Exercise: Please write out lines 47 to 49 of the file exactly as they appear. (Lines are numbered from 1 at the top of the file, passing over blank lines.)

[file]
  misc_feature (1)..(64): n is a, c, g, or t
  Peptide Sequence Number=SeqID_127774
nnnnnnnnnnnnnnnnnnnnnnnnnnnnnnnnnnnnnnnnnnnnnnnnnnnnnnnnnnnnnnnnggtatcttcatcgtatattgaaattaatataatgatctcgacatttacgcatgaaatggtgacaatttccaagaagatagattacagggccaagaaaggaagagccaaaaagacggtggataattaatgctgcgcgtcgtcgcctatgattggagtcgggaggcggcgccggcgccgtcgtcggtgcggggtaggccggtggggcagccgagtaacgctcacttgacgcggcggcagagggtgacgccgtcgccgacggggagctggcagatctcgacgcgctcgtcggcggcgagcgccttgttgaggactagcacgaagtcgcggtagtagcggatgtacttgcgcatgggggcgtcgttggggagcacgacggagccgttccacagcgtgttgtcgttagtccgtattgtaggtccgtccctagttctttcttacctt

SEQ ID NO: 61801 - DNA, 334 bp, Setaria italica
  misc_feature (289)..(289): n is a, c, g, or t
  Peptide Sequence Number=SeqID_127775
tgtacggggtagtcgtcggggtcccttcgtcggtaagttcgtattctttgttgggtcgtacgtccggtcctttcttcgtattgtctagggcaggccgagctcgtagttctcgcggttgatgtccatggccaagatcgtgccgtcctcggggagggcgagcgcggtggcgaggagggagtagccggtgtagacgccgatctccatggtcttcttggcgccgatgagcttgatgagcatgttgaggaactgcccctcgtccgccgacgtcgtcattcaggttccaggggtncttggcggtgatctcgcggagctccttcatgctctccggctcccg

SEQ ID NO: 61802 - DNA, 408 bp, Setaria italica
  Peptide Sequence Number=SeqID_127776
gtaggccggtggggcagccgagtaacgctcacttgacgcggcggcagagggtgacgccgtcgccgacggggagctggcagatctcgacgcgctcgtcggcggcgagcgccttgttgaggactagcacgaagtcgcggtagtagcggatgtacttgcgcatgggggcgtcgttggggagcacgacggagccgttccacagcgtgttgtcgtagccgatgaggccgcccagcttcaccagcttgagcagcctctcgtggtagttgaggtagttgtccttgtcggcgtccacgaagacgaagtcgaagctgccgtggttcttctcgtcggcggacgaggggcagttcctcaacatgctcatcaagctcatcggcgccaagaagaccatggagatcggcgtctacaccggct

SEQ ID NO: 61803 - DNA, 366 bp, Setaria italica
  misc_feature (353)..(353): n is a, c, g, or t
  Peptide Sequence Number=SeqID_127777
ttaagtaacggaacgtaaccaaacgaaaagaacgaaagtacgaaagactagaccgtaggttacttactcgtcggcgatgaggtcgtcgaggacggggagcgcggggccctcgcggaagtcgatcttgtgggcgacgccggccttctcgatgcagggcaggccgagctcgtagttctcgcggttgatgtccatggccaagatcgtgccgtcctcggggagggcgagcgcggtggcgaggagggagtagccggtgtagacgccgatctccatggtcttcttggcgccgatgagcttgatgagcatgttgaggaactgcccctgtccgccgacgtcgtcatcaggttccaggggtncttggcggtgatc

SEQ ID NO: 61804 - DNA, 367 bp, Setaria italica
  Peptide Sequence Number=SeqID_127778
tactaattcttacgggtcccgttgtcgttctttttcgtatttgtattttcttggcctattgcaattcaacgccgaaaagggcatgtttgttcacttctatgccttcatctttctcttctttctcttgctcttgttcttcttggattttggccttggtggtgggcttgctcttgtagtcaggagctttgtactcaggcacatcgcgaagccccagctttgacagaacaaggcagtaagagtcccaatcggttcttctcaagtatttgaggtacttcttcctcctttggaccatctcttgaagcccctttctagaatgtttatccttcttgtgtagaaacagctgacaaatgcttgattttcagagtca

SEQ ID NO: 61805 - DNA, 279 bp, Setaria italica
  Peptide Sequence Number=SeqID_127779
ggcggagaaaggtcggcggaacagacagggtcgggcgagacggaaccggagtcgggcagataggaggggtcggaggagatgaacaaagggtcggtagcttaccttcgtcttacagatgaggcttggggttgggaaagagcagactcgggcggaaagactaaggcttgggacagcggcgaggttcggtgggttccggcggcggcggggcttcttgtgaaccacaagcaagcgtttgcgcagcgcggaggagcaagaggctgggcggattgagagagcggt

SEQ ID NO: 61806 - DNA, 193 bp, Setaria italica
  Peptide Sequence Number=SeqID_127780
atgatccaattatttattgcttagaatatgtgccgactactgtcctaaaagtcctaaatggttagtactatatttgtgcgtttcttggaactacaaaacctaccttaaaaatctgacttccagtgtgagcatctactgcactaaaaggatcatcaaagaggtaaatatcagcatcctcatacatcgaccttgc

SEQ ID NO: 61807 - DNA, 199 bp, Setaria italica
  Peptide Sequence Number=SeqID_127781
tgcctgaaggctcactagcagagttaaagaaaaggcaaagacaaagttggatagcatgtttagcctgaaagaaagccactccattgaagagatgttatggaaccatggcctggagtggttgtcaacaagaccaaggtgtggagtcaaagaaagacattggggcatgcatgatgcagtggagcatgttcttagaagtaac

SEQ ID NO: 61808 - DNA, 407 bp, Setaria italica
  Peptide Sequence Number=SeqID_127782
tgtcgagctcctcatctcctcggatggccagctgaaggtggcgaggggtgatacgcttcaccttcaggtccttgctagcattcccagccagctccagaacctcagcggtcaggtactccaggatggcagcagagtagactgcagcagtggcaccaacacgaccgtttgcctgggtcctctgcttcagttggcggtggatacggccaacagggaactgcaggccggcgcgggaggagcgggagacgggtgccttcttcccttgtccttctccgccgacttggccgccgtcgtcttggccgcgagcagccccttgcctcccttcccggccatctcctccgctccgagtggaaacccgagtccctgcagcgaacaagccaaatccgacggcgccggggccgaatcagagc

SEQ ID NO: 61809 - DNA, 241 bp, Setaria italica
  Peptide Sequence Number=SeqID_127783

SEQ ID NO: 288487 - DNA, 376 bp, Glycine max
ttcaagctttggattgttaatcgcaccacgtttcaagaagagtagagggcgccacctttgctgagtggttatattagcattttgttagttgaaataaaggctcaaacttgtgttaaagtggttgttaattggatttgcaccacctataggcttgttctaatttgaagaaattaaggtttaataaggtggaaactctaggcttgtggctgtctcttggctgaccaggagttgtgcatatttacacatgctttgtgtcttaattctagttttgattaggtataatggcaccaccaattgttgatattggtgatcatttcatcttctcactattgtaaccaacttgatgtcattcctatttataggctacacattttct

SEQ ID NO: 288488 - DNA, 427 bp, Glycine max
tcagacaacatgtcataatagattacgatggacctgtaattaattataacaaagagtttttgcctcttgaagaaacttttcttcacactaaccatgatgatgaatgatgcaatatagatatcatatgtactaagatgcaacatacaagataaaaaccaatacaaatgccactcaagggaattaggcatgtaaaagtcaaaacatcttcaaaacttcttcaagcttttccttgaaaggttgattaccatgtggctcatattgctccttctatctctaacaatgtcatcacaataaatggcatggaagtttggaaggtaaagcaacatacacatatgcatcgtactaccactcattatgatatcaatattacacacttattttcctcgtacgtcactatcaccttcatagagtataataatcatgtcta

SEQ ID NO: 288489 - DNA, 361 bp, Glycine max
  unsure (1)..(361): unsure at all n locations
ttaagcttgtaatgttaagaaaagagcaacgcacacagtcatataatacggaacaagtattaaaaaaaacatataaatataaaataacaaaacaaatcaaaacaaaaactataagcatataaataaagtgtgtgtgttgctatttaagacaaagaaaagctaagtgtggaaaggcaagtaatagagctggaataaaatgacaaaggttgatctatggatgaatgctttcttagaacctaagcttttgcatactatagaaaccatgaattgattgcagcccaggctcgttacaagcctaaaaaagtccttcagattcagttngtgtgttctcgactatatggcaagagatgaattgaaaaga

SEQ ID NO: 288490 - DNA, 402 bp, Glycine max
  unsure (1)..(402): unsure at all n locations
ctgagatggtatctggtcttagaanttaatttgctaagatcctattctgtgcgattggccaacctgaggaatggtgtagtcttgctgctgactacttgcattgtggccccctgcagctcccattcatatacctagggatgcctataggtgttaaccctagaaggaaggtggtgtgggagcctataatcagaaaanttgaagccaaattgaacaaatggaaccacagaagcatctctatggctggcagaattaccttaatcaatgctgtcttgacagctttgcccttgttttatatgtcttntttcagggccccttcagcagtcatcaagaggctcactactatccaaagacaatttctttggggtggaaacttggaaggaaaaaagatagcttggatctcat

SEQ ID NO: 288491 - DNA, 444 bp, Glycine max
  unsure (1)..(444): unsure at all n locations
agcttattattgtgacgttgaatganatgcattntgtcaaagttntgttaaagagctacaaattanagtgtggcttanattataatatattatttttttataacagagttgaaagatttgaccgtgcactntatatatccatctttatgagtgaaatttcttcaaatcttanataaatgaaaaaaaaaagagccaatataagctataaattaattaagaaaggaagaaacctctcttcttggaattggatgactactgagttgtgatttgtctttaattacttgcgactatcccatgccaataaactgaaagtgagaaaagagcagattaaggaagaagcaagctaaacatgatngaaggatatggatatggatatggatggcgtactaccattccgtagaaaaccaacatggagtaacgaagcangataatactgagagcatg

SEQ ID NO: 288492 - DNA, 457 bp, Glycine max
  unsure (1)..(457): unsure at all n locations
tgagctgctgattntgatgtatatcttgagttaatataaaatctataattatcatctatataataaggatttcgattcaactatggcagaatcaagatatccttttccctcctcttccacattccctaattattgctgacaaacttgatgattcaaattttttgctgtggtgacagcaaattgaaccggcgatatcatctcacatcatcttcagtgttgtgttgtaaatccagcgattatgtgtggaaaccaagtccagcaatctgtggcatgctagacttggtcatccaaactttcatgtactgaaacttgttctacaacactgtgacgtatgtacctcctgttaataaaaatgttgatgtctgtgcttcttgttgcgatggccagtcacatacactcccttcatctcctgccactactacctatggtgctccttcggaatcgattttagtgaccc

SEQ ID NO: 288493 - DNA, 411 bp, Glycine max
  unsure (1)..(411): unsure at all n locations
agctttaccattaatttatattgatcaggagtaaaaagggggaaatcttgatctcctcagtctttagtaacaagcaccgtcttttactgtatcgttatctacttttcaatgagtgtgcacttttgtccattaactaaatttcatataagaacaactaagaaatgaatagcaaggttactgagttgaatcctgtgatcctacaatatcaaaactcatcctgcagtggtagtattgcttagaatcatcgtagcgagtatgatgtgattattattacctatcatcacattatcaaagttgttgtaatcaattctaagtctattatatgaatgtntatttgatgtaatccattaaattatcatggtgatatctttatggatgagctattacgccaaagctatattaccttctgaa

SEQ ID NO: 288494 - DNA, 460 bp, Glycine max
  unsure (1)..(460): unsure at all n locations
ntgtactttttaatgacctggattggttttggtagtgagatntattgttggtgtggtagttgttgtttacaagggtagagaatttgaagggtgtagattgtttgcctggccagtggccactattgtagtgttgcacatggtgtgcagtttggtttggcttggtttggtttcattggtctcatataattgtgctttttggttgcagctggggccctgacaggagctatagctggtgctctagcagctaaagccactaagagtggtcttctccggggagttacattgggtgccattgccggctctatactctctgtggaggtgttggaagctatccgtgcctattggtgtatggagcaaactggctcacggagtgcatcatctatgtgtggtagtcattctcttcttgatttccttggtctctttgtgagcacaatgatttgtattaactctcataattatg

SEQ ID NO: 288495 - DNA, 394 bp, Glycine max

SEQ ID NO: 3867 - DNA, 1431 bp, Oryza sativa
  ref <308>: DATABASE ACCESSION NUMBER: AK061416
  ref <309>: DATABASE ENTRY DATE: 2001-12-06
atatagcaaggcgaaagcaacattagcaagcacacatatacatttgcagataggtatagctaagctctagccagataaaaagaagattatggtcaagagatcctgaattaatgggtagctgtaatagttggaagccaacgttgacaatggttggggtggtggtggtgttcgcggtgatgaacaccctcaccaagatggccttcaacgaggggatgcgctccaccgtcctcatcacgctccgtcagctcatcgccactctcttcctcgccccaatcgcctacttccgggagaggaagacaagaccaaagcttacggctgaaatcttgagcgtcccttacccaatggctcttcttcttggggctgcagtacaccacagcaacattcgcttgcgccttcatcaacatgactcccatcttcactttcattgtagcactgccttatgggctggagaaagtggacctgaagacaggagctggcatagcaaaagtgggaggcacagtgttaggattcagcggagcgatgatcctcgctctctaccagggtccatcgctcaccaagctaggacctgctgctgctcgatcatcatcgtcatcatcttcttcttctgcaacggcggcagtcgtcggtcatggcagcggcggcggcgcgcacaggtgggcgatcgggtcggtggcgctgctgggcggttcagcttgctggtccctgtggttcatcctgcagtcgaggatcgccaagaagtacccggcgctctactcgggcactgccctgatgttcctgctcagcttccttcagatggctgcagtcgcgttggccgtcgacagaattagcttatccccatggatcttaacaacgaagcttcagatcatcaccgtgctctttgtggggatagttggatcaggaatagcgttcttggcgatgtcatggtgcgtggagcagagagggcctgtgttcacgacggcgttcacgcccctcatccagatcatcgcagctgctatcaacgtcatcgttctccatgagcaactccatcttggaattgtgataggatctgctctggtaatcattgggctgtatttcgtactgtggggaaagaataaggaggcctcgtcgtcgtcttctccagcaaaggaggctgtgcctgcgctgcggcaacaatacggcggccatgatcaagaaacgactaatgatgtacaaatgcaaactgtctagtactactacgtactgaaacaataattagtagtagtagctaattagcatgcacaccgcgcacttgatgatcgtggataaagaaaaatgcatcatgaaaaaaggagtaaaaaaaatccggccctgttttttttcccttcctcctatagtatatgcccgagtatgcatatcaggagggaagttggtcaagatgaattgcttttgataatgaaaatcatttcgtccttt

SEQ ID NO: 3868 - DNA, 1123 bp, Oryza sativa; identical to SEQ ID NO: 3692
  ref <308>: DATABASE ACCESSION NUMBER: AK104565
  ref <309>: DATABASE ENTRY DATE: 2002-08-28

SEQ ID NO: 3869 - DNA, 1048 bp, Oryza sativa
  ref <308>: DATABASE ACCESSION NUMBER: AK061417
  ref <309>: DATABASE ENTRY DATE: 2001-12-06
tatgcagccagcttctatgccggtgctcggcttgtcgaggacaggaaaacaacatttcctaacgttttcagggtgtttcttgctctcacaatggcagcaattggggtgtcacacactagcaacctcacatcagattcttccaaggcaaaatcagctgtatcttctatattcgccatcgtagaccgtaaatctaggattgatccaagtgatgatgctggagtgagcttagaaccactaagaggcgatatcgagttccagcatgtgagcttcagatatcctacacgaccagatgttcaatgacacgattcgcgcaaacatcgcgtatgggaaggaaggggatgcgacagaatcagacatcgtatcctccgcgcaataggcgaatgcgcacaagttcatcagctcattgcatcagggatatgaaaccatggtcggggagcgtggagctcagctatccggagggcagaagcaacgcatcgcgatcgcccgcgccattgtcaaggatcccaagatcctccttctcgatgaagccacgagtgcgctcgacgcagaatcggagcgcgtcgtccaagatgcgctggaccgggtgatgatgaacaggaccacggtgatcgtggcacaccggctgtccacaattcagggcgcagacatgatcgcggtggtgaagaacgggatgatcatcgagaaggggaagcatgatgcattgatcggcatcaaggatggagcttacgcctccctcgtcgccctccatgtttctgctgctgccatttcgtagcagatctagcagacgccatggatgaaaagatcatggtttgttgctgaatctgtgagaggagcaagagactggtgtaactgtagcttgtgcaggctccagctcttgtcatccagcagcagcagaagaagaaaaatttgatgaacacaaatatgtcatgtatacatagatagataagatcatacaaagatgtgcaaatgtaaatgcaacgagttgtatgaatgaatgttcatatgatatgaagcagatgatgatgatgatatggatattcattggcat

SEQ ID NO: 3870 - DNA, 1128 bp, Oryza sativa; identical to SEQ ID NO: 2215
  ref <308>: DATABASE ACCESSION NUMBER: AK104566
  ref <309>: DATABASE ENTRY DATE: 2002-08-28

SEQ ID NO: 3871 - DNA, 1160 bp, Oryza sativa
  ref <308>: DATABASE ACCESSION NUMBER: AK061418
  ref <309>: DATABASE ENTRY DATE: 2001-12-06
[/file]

tgagctgctgattntgatgtatatcttgagttaatataaaatctataattatcatctatataataaggatttcgattcaactatggcagaatcaagatatccttttccctcctcttccacattccctaattattgctgacaaacttgatgattcaaattttttgctgtggtgacagcaaattgaaccggcgatatcatctcacatcatcttcagtgttgtgttgtaaatccagcgattatgtgtggaaaccaagtccagcaatctgtggcatgctagacttggtcatccaaactttcatgtactgaaacttgttctacaacactgtgacgtatgtacctcctgttaataaaaatgttgatgtctgtgcttcttgttgcgatggccagtcacatacactcccttcatctcctgccactactacctatggtgctccttcggaatcgattttagtgaccc

SEQ ID NO: 288493 - DNA, 411 bp, Glycine max
  unsure (1)..(411): unsure at all n locations